BLOG_2019_09_19_Accessing the power of gratitude

Accessing the Power of Gratitude


The practice of gratitude as a tool for happiness has been in the mainstream for years. Long-term studies support gratitude’s effectiveness, suggesting a positive, appreciative attitude contributes to greater success in work, greater health, peak performance, a higher sense of well-being, and a faster rate of recovery from surgery (and I bet even transitions).   

But while we may acknowledge gratitude’s many benefits, it still can be difficult to sustain. So many of us are trained to notice what is broken, undone or lacking in our lives.  For gratitude to meet its full healing potential in our lives, it needs to become more than just a an occasional word.  We have to learn a new way of looking at things; i.e. to create a new habit.  And as most of us know, that can take some time and effort.

That’s why practicing gratitude makes so much sense.  When we practice giving thanks for all we have, instead of complaining about what we lack, we give ourselves the chance to see all of life as an opportunity and a blessing.   This includes making hard transitions – all of those new opportunities are waiting for you in your new role or location.

It helps to remember gratitude isn’t a blindly optimistic approach in which the bad things in life are whitewashed or ignored.  It’s more a matter of where we put our focus and attention.  Pain and injustice exist in this world, but when we focus on the gifts of life, we gain a feeling of well-being.  Gratitude balances us and gives us hope.   We can also start looking for the positive first, rather than the negative.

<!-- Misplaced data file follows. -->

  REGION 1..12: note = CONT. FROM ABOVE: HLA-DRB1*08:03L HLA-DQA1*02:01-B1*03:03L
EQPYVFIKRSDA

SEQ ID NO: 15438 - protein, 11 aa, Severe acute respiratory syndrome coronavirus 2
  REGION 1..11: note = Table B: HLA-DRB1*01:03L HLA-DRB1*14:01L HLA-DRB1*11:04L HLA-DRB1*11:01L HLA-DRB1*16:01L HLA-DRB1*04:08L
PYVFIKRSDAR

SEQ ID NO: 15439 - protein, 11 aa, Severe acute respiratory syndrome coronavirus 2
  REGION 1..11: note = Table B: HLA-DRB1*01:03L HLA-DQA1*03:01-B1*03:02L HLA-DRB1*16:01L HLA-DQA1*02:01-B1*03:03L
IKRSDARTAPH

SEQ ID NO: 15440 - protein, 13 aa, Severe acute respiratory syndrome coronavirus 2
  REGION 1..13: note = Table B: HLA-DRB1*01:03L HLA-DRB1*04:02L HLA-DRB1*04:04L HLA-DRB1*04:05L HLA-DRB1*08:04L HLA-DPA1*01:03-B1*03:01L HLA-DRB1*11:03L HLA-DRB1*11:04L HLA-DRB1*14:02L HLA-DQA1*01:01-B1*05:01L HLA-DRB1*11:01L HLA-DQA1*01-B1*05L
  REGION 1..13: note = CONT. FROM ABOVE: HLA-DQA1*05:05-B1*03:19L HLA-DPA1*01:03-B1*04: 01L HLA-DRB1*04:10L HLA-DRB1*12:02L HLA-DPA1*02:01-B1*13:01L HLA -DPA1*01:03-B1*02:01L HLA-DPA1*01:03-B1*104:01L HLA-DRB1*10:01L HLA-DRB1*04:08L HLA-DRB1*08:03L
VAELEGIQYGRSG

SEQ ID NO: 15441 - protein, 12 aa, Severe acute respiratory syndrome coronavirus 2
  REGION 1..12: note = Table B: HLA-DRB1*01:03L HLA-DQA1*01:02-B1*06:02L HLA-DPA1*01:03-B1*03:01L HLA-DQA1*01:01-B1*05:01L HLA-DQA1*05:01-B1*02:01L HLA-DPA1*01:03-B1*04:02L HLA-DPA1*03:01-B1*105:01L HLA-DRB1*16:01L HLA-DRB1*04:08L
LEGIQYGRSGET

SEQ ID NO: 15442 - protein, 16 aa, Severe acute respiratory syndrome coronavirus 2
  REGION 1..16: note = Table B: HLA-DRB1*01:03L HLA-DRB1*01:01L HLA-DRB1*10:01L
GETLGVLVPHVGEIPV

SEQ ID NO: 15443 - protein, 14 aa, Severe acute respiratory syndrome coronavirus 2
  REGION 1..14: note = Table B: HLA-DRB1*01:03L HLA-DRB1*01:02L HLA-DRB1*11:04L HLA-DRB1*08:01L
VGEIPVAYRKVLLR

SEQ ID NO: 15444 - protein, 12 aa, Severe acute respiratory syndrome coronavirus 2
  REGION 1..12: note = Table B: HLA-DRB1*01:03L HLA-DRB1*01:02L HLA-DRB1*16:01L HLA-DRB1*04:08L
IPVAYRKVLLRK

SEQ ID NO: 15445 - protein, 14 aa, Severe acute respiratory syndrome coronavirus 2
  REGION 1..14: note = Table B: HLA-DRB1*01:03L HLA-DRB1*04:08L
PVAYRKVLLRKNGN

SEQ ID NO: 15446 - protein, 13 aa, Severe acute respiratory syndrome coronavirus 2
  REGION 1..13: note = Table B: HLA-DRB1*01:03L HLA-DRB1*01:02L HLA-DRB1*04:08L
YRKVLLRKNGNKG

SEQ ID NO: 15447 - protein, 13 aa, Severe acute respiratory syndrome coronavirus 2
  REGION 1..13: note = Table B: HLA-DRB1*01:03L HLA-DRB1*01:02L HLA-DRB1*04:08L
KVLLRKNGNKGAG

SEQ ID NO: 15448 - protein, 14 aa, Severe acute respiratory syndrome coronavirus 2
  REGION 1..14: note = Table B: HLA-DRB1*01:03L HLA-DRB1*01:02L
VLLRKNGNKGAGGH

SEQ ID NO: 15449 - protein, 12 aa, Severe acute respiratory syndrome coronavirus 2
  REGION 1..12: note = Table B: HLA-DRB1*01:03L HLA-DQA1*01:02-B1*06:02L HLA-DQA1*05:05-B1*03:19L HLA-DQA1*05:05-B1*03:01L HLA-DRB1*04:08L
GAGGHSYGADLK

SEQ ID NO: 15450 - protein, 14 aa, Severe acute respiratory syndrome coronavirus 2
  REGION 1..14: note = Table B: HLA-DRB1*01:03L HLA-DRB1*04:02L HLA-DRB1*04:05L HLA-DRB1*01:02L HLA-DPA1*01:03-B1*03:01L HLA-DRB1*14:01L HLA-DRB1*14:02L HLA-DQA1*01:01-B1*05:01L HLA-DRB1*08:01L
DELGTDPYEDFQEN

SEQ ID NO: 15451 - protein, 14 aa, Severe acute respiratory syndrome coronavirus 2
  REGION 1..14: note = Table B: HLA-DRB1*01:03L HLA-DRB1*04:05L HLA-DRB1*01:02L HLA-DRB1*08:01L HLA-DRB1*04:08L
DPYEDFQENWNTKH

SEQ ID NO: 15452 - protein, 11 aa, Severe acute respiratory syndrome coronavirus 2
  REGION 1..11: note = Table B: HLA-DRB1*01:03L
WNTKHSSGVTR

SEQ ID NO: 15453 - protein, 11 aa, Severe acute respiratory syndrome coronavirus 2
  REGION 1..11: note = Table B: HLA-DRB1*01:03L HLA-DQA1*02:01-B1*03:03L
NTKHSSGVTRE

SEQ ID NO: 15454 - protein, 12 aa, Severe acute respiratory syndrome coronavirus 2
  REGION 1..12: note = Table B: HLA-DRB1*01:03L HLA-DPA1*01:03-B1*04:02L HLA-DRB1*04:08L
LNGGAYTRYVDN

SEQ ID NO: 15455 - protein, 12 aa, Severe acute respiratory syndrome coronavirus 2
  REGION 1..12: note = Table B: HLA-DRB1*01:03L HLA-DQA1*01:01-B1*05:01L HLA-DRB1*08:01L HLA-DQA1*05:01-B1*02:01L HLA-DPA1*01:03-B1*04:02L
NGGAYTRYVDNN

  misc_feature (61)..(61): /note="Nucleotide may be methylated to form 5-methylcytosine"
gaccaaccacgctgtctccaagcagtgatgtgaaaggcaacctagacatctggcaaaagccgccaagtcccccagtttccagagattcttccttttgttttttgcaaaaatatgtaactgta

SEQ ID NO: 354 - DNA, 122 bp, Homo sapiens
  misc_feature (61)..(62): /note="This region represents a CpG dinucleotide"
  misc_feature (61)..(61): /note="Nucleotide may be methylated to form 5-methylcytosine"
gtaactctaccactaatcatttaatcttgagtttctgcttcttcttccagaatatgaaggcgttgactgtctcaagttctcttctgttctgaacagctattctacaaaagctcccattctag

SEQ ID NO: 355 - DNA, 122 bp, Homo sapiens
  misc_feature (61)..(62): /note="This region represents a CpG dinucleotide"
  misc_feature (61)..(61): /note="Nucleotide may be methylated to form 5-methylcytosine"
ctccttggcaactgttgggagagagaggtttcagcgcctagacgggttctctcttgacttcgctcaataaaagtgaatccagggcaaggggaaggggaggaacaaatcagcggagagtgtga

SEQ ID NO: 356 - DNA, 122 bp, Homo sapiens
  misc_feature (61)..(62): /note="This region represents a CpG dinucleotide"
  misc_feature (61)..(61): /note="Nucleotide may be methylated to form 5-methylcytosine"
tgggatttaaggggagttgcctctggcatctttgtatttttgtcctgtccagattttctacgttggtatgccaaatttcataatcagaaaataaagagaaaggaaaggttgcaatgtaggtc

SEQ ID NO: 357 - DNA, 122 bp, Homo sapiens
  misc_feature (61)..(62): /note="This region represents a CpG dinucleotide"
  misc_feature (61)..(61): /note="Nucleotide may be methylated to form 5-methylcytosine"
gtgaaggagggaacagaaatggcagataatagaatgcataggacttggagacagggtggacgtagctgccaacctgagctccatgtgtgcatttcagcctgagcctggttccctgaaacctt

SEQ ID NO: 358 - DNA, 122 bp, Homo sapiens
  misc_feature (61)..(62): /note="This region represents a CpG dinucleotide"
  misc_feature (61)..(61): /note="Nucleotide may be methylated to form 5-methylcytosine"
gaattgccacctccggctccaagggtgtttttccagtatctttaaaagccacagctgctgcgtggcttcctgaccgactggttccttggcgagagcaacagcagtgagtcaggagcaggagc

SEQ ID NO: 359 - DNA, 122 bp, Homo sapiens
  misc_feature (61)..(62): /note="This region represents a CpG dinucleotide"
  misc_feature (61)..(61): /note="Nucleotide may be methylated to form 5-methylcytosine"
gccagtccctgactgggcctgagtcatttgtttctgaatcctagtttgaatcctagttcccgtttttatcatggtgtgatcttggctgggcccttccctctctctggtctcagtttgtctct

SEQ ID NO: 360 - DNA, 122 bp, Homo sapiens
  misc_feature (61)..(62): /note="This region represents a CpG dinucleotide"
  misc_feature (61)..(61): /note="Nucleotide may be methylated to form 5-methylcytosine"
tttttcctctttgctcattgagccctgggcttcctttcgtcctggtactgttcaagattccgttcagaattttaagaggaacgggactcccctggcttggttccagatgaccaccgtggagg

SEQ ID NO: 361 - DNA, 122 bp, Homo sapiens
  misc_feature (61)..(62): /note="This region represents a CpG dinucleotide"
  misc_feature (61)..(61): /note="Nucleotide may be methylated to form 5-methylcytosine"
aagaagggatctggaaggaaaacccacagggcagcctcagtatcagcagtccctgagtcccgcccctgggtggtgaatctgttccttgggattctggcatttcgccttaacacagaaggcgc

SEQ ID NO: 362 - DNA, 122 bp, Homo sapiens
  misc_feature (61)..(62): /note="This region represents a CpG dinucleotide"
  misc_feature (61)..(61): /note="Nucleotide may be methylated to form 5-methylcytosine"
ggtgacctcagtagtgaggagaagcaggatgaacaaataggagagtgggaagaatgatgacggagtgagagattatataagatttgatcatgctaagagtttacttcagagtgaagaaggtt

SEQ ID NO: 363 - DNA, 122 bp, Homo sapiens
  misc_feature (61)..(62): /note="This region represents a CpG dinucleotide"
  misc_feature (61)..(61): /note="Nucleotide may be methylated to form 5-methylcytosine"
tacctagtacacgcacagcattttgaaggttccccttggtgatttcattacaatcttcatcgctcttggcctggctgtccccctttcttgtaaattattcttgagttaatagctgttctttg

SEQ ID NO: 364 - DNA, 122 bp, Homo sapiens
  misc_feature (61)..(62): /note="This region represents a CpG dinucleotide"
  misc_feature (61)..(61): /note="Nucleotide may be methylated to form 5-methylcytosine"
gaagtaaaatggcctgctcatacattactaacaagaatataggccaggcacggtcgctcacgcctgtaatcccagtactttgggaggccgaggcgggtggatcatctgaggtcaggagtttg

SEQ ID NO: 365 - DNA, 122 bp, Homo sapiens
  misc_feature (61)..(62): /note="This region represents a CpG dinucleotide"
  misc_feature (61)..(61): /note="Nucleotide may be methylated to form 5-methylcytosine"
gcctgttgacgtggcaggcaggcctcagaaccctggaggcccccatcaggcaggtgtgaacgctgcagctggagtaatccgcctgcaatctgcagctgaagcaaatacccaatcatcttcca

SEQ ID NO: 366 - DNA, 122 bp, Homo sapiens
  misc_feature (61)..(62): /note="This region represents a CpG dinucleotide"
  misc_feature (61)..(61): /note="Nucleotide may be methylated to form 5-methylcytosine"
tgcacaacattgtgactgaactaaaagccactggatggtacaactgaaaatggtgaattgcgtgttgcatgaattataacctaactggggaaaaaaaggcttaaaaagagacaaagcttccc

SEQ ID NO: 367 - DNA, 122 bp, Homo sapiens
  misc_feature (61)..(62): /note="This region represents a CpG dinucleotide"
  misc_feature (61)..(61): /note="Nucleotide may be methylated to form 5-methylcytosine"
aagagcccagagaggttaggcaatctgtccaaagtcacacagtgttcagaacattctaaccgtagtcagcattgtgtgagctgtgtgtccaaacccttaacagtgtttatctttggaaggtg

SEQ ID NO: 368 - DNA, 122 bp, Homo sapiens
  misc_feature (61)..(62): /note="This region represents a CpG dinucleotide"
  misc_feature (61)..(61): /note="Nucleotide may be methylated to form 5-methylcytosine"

There are so many things to be grateful for: the connections we have made in our old roles and locations, the lessons we have learned along the way, our health, friends who listen and really hear, and for the simpler things such as colorful autumn leaves, chocolate, wine, warm jackets, tomatoes, favorite flowers, and the birds and butterflies. What’s on your list?

Some Ways to Practice Gratitude

  • Keep a gratitude journal in which you list things for which you are thankful. You can make daily, weekly or monthly lists. Greater frequency may be better for creating a new habit, but just keeping that journal where you can see it will remind you to think in a grateful way.
  • Make a gratitude collage by drawing or pasting pictures.Practice gratitude around the dinner table or make it part of your nighttime routine.
  • Make a game of finding the hidden blessings in a challenging situation.
  • When you feel like complaining, make a gratitude list instead. You may be amazed by how much better you feel.
  • Notice how gratitude is impacting your life... Write about it, sing about it, express thanks for gratitude.

As you practice this more and more, an inner shift begins to occur, and you may be delighted to discover how content and hopeful you are feeling.  That sense of fulfillment is gratitude at work.  Gratitude has certainly made my latest transition so much easier!

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